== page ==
Relatives of American and Israeli victims of Palestinian
attacks have filed an $875 million lawsuit in federal district court in
Manhattan against the Amman-based Arab Bank.
The group alleges that the
Jordanian bank has transferred funds to such insurgency groups as Hamas and
The U.S. lawsuit was based on documents seized by the Israeli military
in February 2004 from the Arab Bank branch in Ramallah. The plaintiffs said
the documents pointed to a direct link between the Arab Bank and Hamas
and Jihad in the West Bank and Gaza Strip.
The Arab Bank is one of the largest financial institutions in the Middle
East, Middle East Newsline reported.
Jihad's website, www.palestineway.com, has provided the accounts of organizations
linked to Arab Bank branches in such cities as Bethlehem, Gaza City and
"The Jordanian-based banking institution with a branch in New York is
knowingly administering the distribution of financial benefits to
terrorists, the families of terrorists and foreign terrorist organizations
as part of a scheme to encourage and facilitate acts of international
terrorism." the suit, submitted on July 6, said.
The Arab Bank was said to be operated by Palestinian investors. The
bank, however, has been regarded as a leading financial tool of the
Hashemite kingdom of Jordan.
[On Monday, the Fatah-dominated Al Aqsa Martyrs Brigade claimed
responsibility for the assassination of an Israeli judge outside his home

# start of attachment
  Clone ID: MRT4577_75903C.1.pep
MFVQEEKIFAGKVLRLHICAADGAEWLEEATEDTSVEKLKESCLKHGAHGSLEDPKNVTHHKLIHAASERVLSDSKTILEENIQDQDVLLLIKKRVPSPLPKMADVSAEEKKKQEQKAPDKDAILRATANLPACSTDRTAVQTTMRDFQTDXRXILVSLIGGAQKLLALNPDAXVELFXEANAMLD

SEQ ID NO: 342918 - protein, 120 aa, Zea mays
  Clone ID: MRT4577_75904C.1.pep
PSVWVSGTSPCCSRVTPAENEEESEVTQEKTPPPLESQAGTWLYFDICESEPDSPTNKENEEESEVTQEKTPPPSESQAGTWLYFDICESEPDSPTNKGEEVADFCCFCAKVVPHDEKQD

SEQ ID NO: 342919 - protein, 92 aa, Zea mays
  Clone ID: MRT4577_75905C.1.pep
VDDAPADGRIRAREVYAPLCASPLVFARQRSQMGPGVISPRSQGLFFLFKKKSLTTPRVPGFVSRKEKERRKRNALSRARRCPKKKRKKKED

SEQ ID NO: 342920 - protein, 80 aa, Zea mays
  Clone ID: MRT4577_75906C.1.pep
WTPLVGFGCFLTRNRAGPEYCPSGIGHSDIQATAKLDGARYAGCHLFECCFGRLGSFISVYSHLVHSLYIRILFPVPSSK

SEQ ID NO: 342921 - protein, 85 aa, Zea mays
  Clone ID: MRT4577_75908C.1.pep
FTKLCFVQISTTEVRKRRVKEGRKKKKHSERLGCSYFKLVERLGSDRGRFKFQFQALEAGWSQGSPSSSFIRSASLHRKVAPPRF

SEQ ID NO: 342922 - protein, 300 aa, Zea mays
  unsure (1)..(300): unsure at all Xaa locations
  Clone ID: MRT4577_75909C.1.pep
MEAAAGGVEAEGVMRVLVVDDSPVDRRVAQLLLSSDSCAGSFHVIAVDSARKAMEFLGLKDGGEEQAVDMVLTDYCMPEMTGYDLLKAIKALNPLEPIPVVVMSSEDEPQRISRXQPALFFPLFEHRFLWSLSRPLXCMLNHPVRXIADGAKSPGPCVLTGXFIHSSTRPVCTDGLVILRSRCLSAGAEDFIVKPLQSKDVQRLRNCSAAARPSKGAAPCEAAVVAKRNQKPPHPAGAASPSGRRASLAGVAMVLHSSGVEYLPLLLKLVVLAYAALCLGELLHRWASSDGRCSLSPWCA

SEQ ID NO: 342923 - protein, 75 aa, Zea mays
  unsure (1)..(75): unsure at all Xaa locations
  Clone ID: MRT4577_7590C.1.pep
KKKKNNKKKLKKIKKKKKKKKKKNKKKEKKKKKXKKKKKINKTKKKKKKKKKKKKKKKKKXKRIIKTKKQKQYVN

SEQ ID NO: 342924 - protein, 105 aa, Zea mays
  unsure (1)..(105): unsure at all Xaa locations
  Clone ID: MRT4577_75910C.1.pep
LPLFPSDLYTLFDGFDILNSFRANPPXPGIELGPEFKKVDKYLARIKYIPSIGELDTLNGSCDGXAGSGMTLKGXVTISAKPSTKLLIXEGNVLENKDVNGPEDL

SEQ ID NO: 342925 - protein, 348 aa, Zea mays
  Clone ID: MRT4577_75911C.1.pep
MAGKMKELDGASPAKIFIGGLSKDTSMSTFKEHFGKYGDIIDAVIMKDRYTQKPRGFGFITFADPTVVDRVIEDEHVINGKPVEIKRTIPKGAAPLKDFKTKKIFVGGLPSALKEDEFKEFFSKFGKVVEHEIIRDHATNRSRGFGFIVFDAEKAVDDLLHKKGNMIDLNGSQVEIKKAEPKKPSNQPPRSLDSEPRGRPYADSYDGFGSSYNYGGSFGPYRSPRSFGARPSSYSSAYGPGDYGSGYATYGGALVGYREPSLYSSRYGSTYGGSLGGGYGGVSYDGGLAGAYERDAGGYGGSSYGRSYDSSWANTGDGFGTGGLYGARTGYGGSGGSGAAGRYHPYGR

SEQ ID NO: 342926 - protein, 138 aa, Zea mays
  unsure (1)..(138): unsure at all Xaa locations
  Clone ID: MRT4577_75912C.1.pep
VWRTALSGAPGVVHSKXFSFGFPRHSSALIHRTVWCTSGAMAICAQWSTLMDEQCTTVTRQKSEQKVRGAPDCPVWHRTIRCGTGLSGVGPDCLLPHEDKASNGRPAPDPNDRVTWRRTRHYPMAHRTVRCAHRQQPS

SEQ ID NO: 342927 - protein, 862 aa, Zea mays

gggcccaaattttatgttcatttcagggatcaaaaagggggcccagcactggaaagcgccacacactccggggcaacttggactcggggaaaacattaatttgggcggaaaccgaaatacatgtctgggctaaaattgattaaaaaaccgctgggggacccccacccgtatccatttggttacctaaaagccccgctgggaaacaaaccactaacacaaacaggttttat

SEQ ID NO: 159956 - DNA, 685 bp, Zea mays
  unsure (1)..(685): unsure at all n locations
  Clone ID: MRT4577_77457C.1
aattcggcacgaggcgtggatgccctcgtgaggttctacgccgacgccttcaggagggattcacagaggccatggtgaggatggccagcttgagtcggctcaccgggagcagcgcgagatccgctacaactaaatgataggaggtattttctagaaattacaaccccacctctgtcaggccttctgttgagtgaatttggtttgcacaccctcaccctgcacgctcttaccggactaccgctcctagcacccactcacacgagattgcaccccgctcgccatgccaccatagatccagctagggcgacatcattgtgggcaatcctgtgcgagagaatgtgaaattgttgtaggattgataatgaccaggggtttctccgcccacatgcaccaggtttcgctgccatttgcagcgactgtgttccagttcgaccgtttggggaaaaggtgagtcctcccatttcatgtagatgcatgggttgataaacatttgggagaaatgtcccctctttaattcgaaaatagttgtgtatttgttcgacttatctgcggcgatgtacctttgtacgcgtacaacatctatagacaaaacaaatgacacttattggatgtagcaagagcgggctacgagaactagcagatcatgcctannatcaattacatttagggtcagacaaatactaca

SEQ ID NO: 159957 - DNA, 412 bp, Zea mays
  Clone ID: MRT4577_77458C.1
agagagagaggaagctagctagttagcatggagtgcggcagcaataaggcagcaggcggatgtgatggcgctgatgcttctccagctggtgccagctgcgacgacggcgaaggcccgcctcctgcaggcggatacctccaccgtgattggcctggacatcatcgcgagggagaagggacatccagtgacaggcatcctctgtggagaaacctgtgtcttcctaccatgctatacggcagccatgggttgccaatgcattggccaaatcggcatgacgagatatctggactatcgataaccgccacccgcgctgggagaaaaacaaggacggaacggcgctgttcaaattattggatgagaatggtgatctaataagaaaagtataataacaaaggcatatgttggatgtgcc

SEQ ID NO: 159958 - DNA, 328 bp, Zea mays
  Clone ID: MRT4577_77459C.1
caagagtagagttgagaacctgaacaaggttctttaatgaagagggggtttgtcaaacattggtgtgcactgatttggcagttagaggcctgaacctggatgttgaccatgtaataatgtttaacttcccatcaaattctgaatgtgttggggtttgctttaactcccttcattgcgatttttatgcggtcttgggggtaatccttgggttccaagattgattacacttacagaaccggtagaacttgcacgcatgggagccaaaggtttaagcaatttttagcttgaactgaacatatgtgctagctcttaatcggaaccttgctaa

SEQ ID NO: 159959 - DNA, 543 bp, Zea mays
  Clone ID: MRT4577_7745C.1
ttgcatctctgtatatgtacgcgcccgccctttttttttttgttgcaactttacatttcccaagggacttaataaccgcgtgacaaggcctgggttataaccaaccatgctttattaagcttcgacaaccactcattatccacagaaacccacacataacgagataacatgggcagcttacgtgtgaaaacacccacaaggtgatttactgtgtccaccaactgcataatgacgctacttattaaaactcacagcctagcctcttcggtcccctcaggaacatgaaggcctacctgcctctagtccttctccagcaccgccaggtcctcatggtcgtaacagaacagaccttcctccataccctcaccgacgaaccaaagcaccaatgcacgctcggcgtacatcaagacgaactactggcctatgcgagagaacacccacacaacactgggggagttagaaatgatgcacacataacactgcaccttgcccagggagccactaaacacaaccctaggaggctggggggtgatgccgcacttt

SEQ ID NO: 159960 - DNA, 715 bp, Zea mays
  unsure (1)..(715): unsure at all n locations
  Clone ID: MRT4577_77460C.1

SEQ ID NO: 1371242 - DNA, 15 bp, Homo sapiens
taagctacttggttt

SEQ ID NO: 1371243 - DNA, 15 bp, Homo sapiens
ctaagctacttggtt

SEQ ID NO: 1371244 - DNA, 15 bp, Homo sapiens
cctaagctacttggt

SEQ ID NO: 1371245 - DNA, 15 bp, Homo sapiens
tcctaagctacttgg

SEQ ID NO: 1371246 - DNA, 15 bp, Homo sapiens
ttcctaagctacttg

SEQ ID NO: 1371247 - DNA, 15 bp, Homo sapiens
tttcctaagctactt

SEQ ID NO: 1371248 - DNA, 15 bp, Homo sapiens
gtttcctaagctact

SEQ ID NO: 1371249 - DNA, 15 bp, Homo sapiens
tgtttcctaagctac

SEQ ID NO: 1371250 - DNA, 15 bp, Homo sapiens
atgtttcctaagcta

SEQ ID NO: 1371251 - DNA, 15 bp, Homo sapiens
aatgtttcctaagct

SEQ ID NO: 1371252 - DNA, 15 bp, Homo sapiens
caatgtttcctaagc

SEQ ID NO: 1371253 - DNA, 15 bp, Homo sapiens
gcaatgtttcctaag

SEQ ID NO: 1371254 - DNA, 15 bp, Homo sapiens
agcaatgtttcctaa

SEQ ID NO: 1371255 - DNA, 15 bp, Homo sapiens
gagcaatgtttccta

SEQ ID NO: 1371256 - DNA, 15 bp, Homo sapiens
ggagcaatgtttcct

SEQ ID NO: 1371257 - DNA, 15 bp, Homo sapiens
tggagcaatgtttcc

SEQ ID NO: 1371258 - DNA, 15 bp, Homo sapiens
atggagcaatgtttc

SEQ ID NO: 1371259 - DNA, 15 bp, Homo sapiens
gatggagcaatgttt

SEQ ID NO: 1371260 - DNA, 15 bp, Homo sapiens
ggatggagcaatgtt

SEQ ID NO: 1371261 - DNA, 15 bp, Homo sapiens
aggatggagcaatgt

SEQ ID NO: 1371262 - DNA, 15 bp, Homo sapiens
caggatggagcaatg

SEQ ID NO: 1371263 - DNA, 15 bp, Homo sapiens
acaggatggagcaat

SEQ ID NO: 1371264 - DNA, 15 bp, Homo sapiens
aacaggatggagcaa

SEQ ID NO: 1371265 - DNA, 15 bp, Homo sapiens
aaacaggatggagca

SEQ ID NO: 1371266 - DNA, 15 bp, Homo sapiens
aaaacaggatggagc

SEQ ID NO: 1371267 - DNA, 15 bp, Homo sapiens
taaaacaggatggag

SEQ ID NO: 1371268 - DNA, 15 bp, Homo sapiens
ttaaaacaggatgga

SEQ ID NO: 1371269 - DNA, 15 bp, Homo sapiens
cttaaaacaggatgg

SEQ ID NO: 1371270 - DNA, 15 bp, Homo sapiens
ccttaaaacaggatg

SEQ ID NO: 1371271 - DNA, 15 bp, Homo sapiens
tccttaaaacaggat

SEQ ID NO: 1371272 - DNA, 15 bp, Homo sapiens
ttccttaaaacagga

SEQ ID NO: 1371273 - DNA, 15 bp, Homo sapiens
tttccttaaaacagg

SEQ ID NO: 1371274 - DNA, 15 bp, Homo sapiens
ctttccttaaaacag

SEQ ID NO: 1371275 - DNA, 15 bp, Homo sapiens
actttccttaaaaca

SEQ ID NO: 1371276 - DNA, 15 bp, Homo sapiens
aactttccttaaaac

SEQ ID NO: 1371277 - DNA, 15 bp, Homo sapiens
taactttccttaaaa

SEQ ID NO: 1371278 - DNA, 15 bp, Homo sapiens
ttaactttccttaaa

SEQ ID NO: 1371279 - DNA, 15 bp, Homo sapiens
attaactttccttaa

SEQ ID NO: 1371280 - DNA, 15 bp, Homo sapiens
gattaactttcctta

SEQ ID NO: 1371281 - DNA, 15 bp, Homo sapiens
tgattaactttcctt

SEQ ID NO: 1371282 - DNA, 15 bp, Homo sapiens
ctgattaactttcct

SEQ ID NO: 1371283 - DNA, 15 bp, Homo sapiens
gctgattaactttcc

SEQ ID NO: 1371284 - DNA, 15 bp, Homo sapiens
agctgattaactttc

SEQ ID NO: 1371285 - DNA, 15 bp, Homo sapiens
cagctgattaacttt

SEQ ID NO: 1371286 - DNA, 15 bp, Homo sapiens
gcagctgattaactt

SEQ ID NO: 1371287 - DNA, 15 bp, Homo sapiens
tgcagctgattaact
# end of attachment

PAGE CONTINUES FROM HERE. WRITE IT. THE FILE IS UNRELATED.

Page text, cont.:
near Tel Aviv. The judge, Adi Azar, had recently ordered the freezing of
more than $10 million in PA funds to pay for damages to Israel's largest bus
company from Palestinian insurgency attacks.]
The suit marked the latest attempt by relatives of Israeli and American
victims to obtain financial compensation from Palestinian insurgency groups.
On July 12, the U.S. district court in Rhode Island awarded $116 million to
the parents and children of an Israeli couple killed by Hamas insurgents in
1996. The court ordered the Palestinian Authority to pay the damages to
Yaron Ungar and his wife, Efrat.
The U.S. court ruled that the PA and Palestine Liberation Organization
provided a safe haven and operational base for Hamas to carry out the
attack. In January 2004, the same court also ordered Hamas to pay a similar
The PA had been represented by former U.S. Attorney General Ramsey
Clark, while Hamas did not contest the suit. The suit was filed in the
United States in 2000 under the Anti-Terrorism Act, the 1991 law that has
enabled American victims of terrorist attacks abroad to seek damages in U.S.